(Click here to read part 1.)
Lawrence Bartram was an older, heavyset man who looked like he had advanced so far into understanding other worlds and faraway times that he had forgotten how to get along in this one. His eyes looked unfocused as if his everyday surroundings were too mundane to spend any time examining them. He sat motionless in his chair and spoke slowly and deliberately. I thought him quite pompous at first, but his expression of regret at his colleague's death seemed sincere and I tried to treat him as a human rather than only a suspect. He told us that he was actually close with Gardner, and that they had many things in commmon in their attitudes and behaviors.
"Of course, I'm the one who found him and reported the death," he was saying, with the slow drawl that teachers who love their own voices tend to develop. "I had been retrieving some documents from my mailbox as I walked by his office, and out of the corner of my eye caught a glimpse of his body lying the floor. Thinking that he might be ill, I let myself in to his office immediately, and quickly discovered that he had no pulse or breath. Of course I called the police immediately and let them do their work. I have cancelled all of my meetings for this afternoon and I am, sirs, at your service for however I may provide aid to your investigation."
He talked like an invitation to a cotillion. Some Americans have never gotten over envy of the aristocratic British and the way they are philologically advanced enough to use words like "ill" and "aid." Besides that he had a textbook writer's habit of never using contractions. I pressed him on his stiltedness. "Your statement, I might say, seems more than a little rehearsed." Guilty people often practice their statements, but if they need to rehearse, their veneer of innocence is brittle and they fall apart as soon as you begin to press them.
"Well, you know, this is a common reaction that professors get. We spend so much of our time carefully putting phrases together, whether for the preparation of publications, or for the clarity required to extemporaneously teach complex concepts." Either he had rehearsed this statement too, or he was actually as articulate as he claimed. I abandoned that line of questioning because when he said the word "publication" I remembered the note signed "LB" in Gardner's office.
"Professor Bartram, did you write a note to Gardner about a publication question of some kind?"
He was clearly taken aback. "Well, you see, I... You are rather direct aren't you? Yes, there's no point denying it. Andrew Gardner was on the editorial board of a top university press. He was trusted enough that they were planning to let him choose what the press was going to publish next. He didn't have any manuscripts of his own ready at the time, so he was looking elsewhere for manuscripts that were worthy enough to be published with his press."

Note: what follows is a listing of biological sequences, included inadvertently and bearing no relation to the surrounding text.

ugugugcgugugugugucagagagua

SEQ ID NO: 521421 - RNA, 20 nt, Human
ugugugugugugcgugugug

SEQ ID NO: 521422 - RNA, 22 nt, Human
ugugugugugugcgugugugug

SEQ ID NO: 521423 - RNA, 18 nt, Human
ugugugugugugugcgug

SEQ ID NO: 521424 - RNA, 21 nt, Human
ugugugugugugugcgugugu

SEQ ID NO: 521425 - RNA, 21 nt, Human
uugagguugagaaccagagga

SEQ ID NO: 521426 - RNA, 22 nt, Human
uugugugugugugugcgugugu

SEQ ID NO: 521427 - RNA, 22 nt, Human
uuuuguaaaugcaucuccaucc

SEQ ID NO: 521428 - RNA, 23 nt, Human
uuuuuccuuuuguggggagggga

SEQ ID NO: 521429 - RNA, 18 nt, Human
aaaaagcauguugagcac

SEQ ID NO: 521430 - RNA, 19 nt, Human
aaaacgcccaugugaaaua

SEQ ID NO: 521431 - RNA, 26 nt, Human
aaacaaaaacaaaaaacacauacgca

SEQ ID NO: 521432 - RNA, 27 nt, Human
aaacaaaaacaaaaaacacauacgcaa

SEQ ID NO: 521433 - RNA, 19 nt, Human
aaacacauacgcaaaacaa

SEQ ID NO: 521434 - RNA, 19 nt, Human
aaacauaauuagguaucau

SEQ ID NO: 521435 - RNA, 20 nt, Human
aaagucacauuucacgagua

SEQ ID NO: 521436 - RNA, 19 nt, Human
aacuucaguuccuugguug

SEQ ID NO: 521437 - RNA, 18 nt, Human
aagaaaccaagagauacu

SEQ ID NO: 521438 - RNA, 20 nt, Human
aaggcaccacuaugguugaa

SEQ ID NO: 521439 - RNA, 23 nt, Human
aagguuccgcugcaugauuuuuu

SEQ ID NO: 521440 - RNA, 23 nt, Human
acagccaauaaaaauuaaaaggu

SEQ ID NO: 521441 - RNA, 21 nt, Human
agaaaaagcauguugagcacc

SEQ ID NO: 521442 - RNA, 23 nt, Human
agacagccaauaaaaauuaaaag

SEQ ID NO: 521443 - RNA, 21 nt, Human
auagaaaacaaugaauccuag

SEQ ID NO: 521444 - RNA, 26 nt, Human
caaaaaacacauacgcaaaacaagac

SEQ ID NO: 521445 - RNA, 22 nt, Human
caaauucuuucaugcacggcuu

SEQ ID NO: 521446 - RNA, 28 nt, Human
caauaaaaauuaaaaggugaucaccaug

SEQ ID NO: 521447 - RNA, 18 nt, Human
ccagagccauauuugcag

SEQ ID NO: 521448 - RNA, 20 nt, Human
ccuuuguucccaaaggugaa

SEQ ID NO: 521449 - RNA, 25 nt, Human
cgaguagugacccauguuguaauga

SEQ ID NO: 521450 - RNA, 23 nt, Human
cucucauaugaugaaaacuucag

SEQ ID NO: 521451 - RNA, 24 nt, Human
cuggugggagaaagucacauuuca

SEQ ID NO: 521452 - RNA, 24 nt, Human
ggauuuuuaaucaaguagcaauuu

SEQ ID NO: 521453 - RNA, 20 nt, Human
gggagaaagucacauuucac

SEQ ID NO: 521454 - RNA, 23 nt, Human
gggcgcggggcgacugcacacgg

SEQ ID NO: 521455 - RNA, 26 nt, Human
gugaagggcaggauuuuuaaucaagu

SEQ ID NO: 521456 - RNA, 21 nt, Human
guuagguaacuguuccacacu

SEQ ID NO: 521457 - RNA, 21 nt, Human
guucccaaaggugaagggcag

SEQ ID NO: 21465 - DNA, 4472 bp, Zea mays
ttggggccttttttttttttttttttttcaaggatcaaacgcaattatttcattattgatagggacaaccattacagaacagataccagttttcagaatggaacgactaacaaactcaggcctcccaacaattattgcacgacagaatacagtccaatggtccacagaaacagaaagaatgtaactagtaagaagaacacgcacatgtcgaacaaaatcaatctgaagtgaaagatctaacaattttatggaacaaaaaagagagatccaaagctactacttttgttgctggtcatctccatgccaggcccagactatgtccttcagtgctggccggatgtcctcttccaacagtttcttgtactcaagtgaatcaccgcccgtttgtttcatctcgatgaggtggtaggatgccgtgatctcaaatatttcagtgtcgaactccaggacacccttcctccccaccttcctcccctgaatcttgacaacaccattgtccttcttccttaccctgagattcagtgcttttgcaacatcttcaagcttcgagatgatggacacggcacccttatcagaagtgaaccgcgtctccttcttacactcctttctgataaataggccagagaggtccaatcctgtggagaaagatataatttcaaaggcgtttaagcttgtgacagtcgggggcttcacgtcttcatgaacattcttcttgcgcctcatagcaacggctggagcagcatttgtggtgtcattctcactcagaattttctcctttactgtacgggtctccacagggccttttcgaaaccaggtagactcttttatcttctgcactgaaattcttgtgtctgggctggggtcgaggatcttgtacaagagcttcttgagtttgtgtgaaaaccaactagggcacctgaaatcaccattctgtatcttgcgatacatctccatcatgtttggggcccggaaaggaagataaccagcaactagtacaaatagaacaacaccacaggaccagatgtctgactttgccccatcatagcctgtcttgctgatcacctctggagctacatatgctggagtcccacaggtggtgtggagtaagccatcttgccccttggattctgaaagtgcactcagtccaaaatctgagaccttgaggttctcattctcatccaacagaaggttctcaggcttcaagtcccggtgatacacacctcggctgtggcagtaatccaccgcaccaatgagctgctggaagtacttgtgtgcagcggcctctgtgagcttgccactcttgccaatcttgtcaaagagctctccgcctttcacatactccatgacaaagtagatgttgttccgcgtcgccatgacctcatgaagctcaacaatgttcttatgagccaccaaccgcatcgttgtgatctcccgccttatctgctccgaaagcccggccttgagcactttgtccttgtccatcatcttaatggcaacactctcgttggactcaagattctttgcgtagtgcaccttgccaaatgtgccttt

"And did you have a manuscript that you wanted to get published with his outfit?" As usual I tried to get straight to the point.
He hesitated again. "Yes, I did in fact. I have a monograph that I believe is of the highest quality, about the oral histories of the indigenous tribes of Borneo. I have 'shopped it around,' so to speak, with several publishers, but I have been so far unable to generate any interest." He finally moved a little, leaning to the left to grab an unruly pile of papers. "This is a printout of my manuscript so far," he told us with an almost endearing level of pride. "Let me show you the acknowledgements section." He turned the pages in the style of many of the old people I have known, licking his index finger and using the moisture to gain traction on the corner of the page. More of these professorial affectations, I thought.
"You can see here in the acknowledgements section that I thank Gardner for his helpful suggestions. He read my manuscript and gave me positive feedback last year," Bartram told me.
"And did you 'shop it around' to Gardner and his press? Ask him to publish it as a book?" Things were starting to make sense.
Bartram was no longer hesitating, apparently having decided that now that he had started to share some of these details, he might as well share all of them forthrightly. Maybe he was emboldened by the pride of showing off his research. "I did. He told me he would consider my work, but eventually told me that the prospects were not good. Evidently he did not estimate its quality highly enough," he said with a momentary disdainful smirk.
"Would you consider this a high stakes situation?"
"These are the highest stakes we ever really encounter in our academic world. Publication with Gardner's press could be a crowning achievement for an academic career, or a remarkably auspicious start to a student's career." With that, his unfocused eyes started to look shifty.